We previously modelled the telomere shortening mechanism at the molecular level and found that a model with the shortest telomere in the cell reaching a signalling threshold explains the onset of the first terminal senescence arrests and their heterogeneity [16]. Here, we asked whether a similar model of telomere shortening could also explain the first non-terminal arrest. Such a model would provide a mechanistic explanation for these arrests and would be consistent with the phenomenological description of the increase in their probability of occurrence over generations (Fig. 2B).

We therefore applied the telomere shortening model to look for a potential length threshold at which the first arrest would be induced. Each lineage started with an initial steady-state telomere length distribution simulated based on the length-dependent regulation of telomerase action. Telomeres were then allowed to shorten at each cell division, taking the asymmetry of telomere replication into account. We used the same approach as in [16, 17] and tested how the shortening dynamics of a linear combination of the lengths of the two shortest telomeres, that is *L*_{1} *+ α L*_{2} (where *L*_{1} and *L*_{2} represent the length of the shortest and second shortest telomeres, respectively, and *α* is a positive scalar) reaching a threshold *L*_{min} could fit the data. To do so, we simulated the senescence onsets of individual lineages according to [16, 17] and compared them to the experiments by minimizing the following error value, describing the distance between the simulation and the experimental data of the onset of the first arrest:

$$e\left(\alpha,{L}_{min}\right)={\sum }_{j=1}^{N}{\sum }_{i=1}^{n}{\left(G\left(i,j; \alpha,{L}_{min}\right)-\overline{G}\left(i\right)\right)}^{2},$$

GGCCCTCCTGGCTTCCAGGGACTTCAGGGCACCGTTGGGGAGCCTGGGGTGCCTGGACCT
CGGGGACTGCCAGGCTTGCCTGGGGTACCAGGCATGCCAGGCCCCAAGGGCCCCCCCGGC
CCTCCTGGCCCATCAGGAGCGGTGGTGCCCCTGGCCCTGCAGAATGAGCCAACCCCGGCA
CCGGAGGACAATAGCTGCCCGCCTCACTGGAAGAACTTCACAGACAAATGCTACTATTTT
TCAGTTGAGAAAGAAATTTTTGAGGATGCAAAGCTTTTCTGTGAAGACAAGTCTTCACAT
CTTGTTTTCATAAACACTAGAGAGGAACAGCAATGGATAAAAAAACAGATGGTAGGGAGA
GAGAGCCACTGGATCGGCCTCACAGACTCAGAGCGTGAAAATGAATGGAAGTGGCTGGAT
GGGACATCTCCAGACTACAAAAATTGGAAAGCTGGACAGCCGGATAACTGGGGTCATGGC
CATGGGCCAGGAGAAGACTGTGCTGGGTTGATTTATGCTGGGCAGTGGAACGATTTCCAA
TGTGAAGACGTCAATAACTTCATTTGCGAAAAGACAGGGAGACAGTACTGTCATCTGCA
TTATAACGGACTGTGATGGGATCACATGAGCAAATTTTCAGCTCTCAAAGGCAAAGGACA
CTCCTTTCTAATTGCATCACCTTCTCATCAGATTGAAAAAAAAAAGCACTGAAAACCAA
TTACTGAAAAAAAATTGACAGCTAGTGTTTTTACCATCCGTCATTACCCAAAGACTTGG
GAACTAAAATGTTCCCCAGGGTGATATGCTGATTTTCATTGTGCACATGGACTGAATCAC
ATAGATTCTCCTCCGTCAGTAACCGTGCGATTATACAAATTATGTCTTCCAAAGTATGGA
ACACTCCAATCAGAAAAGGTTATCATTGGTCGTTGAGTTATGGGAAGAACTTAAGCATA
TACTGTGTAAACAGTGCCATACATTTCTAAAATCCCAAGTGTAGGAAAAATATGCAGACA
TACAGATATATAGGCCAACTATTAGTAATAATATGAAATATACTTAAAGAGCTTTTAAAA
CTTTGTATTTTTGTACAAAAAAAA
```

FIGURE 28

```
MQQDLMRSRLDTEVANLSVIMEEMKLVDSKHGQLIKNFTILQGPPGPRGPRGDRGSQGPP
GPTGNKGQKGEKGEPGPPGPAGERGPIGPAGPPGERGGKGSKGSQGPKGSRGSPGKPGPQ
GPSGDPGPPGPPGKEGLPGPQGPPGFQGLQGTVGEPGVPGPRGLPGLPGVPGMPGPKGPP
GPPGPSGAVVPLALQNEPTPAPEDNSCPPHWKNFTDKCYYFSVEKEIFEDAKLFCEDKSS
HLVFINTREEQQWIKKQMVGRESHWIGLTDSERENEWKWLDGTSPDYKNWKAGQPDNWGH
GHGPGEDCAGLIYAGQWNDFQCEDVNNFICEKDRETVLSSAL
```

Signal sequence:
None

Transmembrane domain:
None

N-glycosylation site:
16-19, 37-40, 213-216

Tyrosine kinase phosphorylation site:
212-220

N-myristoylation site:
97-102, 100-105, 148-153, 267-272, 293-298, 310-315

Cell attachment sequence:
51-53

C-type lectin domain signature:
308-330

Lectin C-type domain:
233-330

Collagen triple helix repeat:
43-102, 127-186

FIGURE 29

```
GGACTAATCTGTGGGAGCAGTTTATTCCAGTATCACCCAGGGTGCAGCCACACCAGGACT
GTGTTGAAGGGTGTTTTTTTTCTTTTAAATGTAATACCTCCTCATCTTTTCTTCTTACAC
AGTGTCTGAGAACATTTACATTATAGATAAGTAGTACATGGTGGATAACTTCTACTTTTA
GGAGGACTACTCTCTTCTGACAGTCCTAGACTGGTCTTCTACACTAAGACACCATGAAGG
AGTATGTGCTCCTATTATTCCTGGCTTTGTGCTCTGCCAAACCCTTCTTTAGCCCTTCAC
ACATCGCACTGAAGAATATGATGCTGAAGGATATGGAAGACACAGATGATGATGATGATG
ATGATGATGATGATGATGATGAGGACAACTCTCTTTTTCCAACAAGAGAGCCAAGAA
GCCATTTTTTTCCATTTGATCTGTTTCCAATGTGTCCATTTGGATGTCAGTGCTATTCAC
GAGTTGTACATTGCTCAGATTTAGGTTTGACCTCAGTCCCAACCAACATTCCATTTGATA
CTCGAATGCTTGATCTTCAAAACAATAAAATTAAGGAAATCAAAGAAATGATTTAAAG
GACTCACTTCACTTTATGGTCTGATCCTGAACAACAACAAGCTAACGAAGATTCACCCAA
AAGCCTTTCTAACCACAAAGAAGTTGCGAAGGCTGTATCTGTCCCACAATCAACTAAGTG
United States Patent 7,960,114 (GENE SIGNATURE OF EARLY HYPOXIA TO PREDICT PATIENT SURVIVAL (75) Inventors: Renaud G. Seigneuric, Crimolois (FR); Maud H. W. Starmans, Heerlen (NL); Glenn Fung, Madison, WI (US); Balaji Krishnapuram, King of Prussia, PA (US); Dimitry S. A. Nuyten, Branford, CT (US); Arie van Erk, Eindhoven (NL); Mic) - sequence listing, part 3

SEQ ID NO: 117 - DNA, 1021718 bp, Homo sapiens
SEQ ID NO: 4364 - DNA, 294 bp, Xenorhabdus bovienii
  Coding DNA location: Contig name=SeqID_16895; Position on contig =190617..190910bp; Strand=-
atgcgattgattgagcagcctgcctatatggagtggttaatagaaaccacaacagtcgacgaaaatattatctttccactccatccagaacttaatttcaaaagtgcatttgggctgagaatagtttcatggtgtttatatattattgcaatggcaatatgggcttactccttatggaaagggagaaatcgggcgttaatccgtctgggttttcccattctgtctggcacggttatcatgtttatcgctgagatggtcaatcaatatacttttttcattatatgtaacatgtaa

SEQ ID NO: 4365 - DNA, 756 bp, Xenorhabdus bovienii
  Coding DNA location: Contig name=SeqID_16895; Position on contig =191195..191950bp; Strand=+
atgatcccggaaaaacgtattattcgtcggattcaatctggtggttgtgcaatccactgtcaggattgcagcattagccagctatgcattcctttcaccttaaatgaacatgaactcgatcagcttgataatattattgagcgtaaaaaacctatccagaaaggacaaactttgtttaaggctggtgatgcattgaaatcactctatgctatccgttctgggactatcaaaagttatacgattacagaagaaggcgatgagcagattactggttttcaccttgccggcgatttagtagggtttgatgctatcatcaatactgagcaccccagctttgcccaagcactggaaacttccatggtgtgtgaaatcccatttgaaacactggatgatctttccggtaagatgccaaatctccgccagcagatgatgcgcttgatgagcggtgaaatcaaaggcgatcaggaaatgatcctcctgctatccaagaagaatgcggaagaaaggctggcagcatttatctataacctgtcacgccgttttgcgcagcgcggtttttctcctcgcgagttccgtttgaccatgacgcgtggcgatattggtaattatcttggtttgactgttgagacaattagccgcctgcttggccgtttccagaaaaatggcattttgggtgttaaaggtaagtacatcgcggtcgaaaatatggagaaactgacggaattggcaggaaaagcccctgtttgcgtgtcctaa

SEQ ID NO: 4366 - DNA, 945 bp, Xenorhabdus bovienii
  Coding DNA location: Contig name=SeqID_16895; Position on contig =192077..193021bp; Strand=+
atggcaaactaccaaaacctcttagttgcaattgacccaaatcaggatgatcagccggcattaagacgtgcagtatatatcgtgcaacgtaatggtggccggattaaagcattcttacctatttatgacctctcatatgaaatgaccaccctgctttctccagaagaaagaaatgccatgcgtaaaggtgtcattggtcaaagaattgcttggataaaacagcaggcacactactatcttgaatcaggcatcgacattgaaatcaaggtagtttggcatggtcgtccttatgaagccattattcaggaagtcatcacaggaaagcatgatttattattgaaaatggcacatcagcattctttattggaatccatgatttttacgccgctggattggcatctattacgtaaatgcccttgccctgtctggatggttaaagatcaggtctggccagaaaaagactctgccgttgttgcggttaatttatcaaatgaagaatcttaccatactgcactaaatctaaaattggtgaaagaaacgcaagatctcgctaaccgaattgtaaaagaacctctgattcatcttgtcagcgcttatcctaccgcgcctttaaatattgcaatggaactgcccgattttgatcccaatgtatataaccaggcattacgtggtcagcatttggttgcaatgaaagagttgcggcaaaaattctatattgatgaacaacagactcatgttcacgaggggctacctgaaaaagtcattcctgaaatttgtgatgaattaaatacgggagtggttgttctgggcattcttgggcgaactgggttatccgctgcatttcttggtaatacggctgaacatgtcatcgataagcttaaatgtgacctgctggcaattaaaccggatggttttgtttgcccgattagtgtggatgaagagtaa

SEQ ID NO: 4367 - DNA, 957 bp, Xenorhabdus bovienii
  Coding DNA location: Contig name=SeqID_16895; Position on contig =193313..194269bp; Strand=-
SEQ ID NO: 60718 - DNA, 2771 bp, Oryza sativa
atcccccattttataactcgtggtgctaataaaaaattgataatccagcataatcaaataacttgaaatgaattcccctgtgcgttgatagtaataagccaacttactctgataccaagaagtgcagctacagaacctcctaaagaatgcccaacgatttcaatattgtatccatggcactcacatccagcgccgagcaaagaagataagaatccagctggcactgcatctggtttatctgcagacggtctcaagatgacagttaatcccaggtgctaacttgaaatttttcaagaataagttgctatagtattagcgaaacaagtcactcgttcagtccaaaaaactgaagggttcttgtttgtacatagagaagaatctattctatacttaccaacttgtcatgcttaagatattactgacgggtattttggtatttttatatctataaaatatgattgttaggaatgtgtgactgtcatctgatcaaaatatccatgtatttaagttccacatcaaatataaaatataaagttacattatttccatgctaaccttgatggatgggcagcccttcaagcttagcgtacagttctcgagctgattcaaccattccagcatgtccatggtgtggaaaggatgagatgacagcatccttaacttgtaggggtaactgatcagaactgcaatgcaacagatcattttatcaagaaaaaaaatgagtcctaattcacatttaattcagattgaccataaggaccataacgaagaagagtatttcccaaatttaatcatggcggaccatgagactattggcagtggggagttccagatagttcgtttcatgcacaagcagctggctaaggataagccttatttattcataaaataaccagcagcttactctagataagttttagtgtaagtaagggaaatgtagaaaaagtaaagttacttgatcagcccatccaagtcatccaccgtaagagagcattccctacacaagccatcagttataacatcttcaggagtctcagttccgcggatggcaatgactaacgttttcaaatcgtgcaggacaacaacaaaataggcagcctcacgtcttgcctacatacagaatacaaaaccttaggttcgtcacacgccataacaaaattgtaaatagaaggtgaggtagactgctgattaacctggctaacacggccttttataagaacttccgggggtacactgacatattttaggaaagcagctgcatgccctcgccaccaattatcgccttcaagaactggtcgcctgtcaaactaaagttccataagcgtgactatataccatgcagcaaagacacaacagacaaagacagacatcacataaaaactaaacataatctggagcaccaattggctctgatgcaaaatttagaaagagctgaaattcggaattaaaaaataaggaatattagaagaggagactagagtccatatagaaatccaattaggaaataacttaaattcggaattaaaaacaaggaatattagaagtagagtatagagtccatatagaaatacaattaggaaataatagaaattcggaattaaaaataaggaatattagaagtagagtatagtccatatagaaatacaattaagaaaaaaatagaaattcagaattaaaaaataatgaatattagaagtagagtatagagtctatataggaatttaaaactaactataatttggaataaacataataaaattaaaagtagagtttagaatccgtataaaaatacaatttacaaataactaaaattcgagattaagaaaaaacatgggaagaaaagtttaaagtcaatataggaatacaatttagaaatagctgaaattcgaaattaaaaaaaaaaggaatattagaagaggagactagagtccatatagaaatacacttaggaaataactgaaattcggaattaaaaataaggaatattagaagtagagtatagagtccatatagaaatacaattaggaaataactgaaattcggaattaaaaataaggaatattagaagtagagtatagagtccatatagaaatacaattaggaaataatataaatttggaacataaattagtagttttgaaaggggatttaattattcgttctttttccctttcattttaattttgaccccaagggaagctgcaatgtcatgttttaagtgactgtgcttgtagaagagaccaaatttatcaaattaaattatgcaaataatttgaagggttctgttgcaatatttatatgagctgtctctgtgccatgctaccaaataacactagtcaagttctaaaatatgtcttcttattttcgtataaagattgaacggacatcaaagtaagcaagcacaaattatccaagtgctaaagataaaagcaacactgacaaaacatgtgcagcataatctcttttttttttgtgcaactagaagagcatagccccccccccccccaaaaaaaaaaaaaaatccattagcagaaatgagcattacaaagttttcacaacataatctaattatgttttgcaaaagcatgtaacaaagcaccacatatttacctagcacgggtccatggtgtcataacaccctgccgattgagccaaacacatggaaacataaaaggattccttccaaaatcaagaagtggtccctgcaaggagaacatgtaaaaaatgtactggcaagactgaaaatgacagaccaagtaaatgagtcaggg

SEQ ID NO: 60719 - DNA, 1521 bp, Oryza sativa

(3)

where *N* is the number of simulations, *n* is the number of experimental lineages (here *n* = 115) and for the *j*^{th} simulation, *G(i,j;a)* represents the *i*^{th} lineage out of *n* lineages, ordered from shortest to longest and simulated with the law of telomeric signalling *L*_{1} *+ α L*_{2} *= L*_{min}, and \(\overline{G}\left(i\right)\) is the *i*^{th} shortest lineage in the ordered set of the *n* experimental lineages.

Interestingly, as in [16] for the onset of senescence, the parameter *α* that minimized *e* was always 0, indicating that taking only the length of the shortest telomere into account, and not the second, led to the best fit. We therefore chose *α = 0* for the rest of the present work. The *L*_{min} that minimized *e* was 61 bp, larger than the value 19 bp found in [16], which was consistent with the fact that the first arrest appeared earlier than senescence onset (Fig. 1C). The simulated lineage data were ordered based on their length and the area representing the 95% quantile of *N =* 1000 simulations was represented (Additional file 1: Fig. S2). However, the simulations failed to capture the variation of the generation of the first non-terminal arrest (Additional file 1: Fig. S2). We concluded that a deterministic *L*_{min} was not a reasonable assumption given the variable nature of the first arrest.

At a molecular level, it would not be surprising that the signalling threshold for the shortest telomere might be probabilistic rather than deterministic (see discussion). To take into account this possibility, we chose *L*_{min} from a distribution defined by:

$$p\left(L\right)=b.exp(-aL),$$

(4)

where *a > 0* and 0 < *b < 1* are parameters of the distribution. This distribution was chosen as a simple way to model a decreasing probability with only two parameters. At each division, one computes the shortest telomere length *L* and draws randomly, according to the probability *p(L)*, whether it signals the first arrest or not. Equation (4) shows that we assume that the probability of signalling senescence increases when *L* decreases. If a telomere happens to reach a length of 0 bp, which is a physiologically relevant situation [18], the arrest is immediately triggered regardless of this probability distribution.

Using numerical simulations (*N* = 1000), we fitted the parameters *a* and *b* on the experimental data and found the best fit to be *a* = 0.023 and *b* = 0.276, giving a signalling probability that is small if the shortest telomere is greater than 150 bp (*p*(150) = 0.009), and takes increasingly larger values as the shortest telomere decreases in length (Fig. 3A). This fit was in excellent agreement with the heterogeneity of the experimental data (Fig. 3B).